When Lord Ashcroft, the Tory donor, announced he was starting a new venture as a digital media mogul last month, buying up two of Britain's most influential political websites, the move was greeted with raised eyebrows in Westminster.
His purchase of PoliticsHome, which publishes political stories from across the media as well as regular surveys, and ConservativeHome, a website for Tory members, suddenly gave him influence over a rapidly growing branch of the media. With both sites receiving about a million hits a month, his opponents suggested he could use the sites to further help the party that has already benefited from his fortune. It provoked a string of high-profile resignations in protest at the arrival of the Tory deputy chairman.
However, rather than a ploy to turn the internet blue, some senior Tories believe that Lord Ashcroft has been buying up online influence in a bid to "shore up" his own position with David Cameron's party and ensure that he is not frozen out once the Conservatives are installed at No 10. "This is very worrying," one Tory frontbencher told The Independent. "He is determined to be the master of his own destiny. He is paranoid about what people say about him."
Lord Ashcroft's millions have been crucial in funding Mr Cameron's campaign to target resources at key marginal seats. The Tory leader has benefited from almost £4m donated from the peer's firm, Bearwood Corporate Services, since he claimed the top job in 2005. However, the support has raised difficult questions for Mr Cameron. Lord Ashcroft has been dogged by controversy over his refusal to answer questions about his tax status.
The editors of both ConservativeHome, which has become the accepted voice of the grassroots and has been critical of the leadership in the past, and PoliticsHome, have said that Lord Ashcroft would not influence their output. Tim Montgomerie, the editor of ConservativeHome, said he had been given "solid assurances" that Lord Ashcroft would not interfere with editorial content.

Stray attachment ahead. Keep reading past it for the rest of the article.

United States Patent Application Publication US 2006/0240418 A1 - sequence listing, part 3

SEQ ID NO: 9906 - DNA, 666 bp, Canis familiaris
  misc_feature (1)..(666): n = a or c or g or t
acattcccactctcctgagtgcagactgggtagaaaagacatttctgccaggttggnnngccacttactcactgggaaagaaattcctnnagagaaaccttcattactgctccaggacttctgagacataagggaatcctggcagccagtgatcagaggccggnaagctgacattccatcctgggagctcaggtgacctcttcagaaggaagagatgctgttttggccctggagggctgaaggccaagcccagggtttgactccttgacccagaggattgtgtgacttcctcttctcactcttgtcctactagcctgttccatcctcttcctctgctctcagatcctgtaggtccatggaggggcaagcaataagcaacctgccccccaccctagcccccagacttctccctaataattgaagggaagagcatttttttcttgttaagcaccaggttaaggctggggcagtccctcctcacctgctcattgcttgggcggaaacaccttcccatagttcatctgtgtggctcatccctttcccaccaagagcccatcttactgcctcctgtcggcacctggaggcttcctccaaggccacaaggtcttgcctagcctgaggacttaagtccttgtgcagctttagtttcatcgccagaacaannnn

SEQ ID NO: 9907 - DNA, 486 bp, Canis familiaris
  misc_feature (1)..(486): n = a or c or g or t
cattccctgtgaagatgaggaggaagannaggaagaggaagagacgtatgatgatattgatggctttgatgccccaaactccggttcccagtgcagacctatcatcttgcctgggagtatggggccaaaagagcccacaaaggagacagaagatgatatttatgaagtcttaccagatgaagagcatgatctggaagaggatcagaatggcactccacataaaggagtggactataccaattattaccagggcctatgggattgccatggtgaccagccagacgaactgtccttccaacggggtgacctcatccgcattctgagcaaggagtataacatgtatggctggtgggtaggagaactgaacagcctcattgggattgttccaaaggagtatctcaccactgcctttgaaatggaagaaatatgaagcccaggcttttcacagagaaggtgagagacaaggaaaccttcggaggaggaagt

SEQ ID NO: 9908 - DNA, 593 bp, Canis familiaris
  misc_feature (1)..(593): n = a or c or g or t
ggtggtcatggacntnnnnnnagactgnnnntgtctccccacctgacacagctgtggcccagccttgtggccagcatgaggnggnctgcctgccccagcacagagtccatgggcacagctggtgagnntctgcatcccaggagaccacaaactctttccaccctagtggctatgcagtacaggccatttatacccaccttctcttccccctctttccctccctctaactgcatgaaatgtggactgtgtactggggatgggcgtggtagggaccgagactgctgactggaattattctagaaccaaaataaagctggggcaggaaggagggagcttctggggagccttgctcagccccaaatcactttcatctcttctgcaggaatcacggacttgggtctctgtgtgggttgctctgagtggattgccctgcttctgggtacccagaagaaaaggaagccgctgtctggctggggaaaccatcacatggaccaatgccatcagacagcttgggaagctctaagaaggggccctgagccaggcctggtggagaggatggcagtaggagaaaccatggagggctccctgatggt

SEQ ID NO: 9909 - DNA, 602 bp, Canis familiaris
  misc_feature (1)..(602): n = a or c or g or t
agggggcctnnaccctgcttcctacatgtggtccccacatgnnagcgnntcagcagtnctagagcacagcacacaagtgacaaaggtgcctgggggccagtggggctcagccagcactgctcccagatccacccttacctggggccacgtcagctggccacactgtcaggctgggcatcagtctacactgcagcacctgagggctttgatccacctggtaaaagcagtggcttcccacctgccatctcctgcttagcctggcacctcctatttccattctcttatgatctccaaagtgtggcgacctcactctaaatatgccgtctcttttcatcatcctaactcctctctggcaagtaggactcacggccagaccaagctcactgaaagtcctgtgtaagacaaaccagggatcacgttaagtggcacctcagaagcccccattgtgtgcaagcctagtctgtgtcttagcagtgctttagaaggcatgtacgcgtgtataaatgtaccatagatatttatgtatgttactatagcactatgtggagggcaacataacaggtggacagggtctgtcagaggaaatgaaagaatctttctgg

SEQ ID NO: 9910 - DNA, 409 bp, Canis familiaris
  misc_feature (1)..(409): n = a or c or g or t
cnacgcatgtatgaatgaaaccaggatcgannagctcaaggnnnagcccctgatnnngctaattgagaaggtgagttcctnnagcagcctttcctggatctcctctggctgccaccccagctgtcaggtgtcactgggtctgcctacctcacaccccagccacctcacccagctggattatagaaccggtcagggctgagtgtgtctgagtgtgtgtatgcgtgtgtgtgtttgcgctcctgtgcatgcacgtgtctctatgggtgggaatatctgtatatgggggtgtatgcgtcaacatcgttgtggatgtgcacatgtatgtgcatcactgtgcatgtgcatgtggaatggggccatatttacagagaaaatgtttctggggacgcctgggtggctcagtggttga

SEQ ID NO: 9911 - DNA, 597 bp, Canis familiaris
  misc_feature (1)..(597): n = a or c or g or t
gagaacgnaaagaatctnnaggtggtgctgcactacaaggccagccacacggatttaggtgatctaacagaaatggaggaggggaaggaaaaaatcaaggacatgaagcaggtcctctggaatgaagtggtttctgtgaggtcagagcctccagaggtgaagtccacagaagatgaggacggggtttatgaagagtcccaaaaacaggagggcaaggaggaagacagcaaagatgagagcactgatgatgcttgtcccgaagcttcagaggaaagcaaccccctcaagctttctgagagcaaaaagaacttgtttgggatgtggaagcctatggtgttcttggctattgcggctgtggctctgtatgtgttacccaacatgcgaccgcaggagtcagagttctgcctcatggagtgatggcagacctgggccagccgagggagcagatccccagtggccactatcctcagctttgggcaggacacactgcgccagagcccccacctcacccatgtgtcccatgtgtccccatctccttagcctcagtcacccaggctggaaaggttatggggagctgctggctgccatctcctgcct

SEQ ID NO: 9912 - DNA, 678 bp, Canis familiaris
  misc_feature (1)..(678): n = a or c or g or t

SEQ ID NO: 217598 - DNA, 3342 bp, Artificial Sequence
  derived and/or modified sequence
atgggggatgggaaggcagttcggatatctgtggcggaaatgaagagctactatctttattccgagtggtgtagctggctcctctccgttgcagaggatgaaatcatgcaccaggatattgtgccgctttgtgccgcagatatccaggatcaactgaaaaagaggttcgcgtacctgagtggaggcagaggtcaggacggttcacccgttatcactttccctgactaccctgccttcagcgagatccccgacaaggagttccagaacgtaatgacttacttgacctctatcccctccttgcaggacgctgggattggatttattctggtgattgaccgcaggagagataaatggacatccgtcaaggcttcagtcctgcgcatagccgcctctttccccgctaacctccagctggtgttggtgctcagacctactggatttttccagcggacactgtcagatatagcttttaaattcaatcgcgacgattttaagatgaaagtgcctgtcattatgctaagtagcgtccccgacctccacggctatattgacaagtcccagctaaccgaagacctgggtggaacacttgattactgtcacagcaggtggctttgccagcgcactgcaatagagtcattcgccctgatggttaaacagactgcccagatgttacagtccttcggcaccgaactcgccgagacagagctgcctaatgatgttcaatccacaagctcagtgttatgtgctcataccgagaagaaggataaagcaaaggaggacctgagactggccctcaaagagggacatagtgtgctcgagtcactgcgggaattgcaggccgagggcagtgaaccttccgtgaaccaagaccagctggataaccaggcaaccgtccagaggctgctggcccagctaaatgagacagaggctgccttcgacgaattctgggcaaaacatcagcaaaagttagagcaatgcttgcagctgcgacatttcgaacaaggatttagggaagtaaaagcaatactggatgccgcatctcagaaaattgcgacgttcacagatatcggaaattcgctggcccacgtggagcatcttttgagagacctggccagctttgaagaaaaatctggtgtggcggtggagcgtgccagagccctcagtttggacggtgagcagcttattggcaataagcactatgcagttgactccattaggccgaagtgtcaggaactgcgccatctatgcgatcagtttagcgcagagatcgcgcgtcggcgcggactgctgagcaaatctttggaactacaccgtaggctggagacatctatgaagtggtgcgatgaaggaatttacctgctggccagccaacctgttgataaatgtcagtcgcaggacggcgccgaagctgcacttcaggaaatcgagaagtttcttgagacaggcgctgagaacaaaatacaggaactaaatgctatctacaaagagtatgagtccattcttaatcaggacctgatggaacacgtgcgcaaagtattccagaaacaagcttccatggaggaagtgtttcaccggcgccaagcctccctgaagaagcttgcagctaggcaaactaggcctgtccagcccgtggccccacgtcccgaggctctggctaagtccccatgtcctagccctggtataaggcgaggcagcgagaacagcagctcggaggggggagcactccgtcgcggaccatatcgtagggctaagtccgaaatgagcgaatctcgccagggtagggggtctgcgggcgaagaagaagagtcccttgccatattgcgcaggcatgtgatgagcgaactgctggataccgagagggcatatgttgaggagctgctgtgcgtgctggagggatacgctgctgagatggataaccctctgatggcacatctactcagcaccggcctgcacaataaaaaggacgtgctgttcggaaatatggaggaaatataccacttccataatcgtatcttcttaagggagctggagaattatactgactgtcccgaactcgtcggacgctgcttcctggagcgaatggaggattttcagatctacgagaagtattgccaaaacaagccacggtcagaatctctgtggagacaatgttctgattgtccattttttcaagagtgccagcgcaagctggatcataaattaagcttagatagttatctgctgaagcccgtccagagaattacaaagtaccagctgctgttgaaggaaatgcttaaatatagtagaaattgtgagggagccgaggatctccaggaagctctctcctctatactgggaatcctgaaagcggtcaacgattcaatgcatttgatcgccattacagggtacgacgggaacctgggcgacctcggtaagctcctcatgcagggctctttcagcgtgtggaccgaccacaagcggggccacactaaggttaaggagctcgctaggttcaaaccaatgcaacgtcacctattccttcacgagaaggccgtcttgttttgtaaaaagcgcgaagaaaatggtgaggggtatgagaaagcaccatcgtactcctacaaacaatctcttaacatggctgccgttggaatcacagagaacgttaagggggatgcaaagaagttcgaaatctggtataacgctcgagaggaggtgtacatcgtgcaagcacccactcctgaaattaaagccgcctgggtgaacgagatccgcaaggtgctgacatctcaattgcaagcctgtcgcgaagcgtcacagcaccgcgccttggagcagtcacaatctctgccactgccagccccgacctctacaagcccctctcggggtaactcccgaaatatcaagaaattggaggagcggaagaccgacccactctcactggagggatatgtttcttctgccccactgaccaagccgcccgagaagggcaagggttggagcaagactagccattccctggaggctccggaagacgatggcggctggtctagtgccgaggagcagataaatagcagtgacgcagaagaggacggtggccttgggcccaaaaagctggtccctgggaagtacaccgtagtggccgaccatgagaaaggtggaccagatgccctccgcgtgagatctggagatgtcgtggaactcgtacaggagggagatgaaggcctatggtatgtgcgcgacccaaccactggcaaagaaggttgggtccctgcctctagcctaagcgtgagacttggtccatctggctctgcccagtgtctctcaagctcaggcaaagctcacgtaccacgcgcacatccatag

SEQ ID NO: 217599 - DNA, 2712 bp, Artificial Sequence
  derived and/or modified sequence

Montgomerie said the site would be doing "everything in its power to deliver a Conservative Government" in the run-up to the general election, but that this would have been the case regardless of Mr Ashcroft's support. Some in the Tory party believe that Lord Ashcroft's control over the sites will be enough in itself to defend his influence within the party.
Despite the assurances over independence, some involved with the PolitcsHome remained concerned that there were not enough built-in safeguards. It has led to a mass exodus by members of its expert "political panel", which releases opinion surveys. Andrew Rawnsley, a columnist for The Observer, resigned as editor-in-chief, claiming that the site's editorial independence was incompatible with Lord Ashcroft's arrival: "I became editor-in-chief on the basis that PoliticsHome was dedicated to being a non-partisan site clearly independent of any party both editorially and financially. I do not believe that can be compatible with being under the ownership of the deputy chairman of the Conservative party."
John McFall, the Labour chair of the Treasury Select Committee, and Richard Reeves, the director of the think-tank, Demos, are among those to have followed Rawnsley out of the door. About 40 "political panel" members have now made the decision to resign, with more thought to have privately stopped working for the site.
Sources close to Mr Cameron denied there were plans to freeze out Lord Ashcroft after an election victory, noting that he was given a plumb seat to watch Mr Cameron's conference speech on Thursday, beside other "senior party figures" such as its chief executive, Andy Feldman. "He would simply have no need to shore up his position in this way. The party is very grateful to him," the source said. "He is still extremely close to David."
Allies also defended his acquisition of the sites. "He has always had a lot of interests outside politics," said one. "It is not his first foray into the media and I doubt it will be the last."
Lord Ashcroft has fallen out with leaders in the past. A disagreement over Michael Howard's decision to base the 2005 election campaign on immigration saw him sidelined. He later hit out at Mr Howard's approach, saying it "prevents us from connecting with our real core vote and means we will never attract the support of minority communities that we should seek to serve too".
A spokesman for Lord Ashcroft said that the peer's interest in the two sites was entirely entrepreneurial and reiterated that he would not be interfering with editorial policy. He added that he would step down from his role as head of the party's "marginal seat" campaign on the eve of the election. However, he added: "Michael is a lifelong Conservative and he is not going to stop wanting to be involved."Reuse content